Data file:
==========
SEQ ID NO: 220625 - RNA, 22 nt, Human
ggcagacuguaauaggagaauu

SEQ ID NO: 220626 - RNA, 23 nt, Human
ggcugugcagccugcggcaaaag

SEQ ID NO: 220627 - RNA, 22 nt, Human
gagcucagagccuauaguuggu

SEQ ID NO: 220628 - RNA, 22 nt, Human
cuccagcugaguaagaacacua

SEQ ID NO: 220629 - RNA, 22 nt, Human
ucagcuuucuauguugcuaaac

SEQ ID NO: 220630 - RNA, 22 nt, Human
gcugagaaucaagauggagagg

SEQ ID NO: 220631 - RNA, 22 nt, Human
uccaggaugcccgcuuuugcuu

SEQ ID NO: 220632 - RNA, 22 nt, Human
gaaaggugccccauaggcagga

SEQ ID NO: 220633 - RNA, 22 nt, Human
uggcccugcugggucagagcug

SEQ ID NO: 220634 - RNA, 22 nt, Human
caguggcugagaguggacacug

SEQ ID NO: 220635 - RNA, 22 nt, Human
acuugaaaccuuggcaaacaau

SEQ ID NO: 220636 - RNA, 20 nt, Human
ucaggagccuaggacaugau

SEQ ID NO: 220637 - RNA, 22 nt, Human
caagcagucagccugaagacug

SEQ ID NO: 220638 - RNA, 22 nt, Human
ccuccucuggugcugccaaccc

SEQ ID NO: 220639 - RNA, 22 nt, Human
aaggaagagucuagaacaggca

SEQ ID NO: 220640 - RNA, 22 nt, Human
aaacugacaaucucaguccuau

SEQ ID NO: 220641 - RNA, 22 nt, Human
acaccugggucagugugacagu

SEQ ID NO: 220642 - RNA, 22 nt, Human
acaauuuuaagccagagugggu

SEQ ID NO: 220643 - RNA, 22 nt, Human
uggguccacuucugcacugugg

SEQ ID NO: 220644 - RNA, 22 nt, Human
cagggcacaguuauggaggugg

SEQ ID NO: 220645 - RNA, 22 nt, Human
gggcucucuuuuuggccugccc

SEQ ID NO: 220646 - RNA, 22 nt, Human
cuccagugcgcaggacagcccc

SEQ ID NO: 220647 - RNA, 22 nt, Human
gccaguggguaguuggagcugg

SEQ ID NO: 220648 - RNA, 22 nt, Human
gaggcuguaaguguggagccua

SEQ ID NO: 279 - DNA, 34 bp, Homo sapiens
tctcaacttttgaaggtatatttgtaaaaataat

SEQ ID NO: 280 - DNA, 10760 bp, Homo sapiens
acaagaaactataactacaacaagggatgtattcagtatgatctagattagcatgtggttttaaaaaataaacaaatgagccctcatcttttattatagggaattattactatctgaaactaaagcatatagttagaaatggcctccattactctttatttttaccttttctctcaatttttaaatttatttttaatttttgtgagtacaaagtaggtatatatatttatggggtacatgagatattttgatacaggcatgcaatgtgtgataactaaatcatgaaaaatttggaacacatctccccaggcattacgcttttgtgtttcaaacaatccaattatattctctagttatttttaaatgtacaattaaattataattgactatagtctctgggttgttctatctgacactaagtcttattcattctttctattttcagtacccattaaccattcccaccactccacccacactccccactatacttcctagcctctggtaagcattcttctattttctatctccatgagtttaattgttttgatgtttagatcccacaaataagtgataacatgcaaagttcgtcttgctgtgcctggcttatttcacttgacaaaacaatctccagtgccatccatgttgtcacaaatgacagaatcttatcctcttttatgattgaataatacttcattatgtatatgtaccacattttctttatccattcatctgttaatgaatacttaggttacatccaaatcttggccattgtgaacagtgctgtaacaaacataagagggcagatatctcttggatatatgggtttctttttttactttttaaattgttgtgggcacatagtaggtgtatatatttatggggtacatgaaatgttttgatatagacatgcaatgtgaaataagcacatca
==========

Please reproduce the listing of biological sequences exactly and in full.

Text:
SEQ ID NO: 220625 - RNA, 22 nt, Human
ggcagacuguaauaggagaauu

SEQ ID NO: 220626 - RNA, 23 nt, Human
ggcugugcagccugcggcaaaag

SEQ ID NO: 220627 - RNA, 22 nt, Human
gagcucagagccuauaguuggu

SEQ ID NO: 220628 - RNA, 22 nt, Human
cuccagcugaguaagaacacua

SEQ ID NO: 220629 - RNA, 22 nt, Human
ucagcuuucuauguugcuaaac

SEQ ID NO: 220630 - RNA, 22 nt, Human
gcugagaaucaagauggagagg

SEQ ID NO: 220631 - RNA, 22 nt, Human
uccaggaugcccgcuuuugcuu

SEQ ID NO: 220632 - RNA, 22 nt, Human
gaaaggugccccauaggcagga

SEQ ID NO: 220633 - RNA, 22 nt, Human
uggcccugcugggucagagcug

SEQ ID NO: 220634 - RNA, 22 nt, Human
caguggcugagaguggacacug

SEQ ID NO: 220635 - RNA, 22 nt, Human
acuugaaaccuuggcaaacaau

SEQ ID NO: 220636 - RNA, 20 nt, Human
ucaggagccuaggacaugau

SEQ ID NO: 220637 - RNA, 22 nt, Human
caagcagucagccugaagacug

SEQ ID NO: 220638 - RNA, 22 nt, Human
ccuccucuggugcugccaaccc

SEQ ID NO: 220639 - RNA, 22 nt, Human
aaggaagagucuagaacaggca

SEQ ID NO: 220640 - RNA, 22 nt, Human
aaacugacaaucucaguccuau

SEQ ID NO: 220641 - RNA, 22 nt, Human
acaccugggucagugugacagu

SEQ ID NO: 220642 - RNA, 22 nt, Human
acaauuuuaagccagagugggu

SEQ ID NO: 220643 - RNA, 22 nt, Human
uggguccacuucugcacugugg

SEQ ID NO: 220644 - RNA, 22 nt, Human
cagggcacaguuauggaggugg

SEQ ID NO: 220645 - RNA, 22 nt, Human
gggcucucuuuuuggccugccc

SEQ ID NO: 220646 - RNA, 22 nt, Human
cuccagugcgcaggacagcccc

SEQ ID NO: 220647 - RNA, 22 nt, Human
gccaguggguaguuggagcugg

SEQ ID NO: 220648 - RNA, 22 nt, Human
gaggcuguaaguguggagccua

SEQ ID NO: 279 - DNA, 34 bp, Homo sapiens
tctcaacttttgaaggtatatttgtaaaaataat

SEQ ID NO: 280 - DNA, 10760 bp, Homo sapiens
acaagaaactataactacaacaagggatgtattcagtatgatctagattagcatgtggttttaaaaaataaacaaatgagccctcatcttttattatagggaattattactatctgaaactaaagcatatagttagaaatggcctccattactctttatttttaccttttctctcaatttttaaatttatttttaatttttgtgagtacaaagtaggtatatatatttatggggtacatgagatattttgatacaggcatgcaatgtgtgataactaaatcatgaaaaatttggaacacatctccccaggcattacgcttttgtgtttcaaacaatccaattatattctctagttatttttaaatgtacaattaaattataattgactatagtctctgggttgttctatctgacactaagtcttattcattctttctattttcagtacccattaaccattcccaccactccacccacactccccactatacttcctagcctctggtaagcattcttctattttctatctccatgagtttaattgttttgatgtttagatcccacaaataagtgataacatgcaaagttcgtcttgctgtgcctggcttatttcacttgacaaaacaatctccagtgccatccatgttgtcacaaatgacagaatcttatcctcttttatgattgaataatacttcattatgtatatgtaccacattttctttatccattcatctgttaatgaatacttaggttacatccaaatcttggccattgtgaacagtgctgtaacaaacataagagggcagatatctcttggatatatgggtttctttttttactttttaaattgttgtgggcacatagtaggtgtatatatttatggggtacatgaaatgttttgatatagacatgcaatgtgaaataagcacatca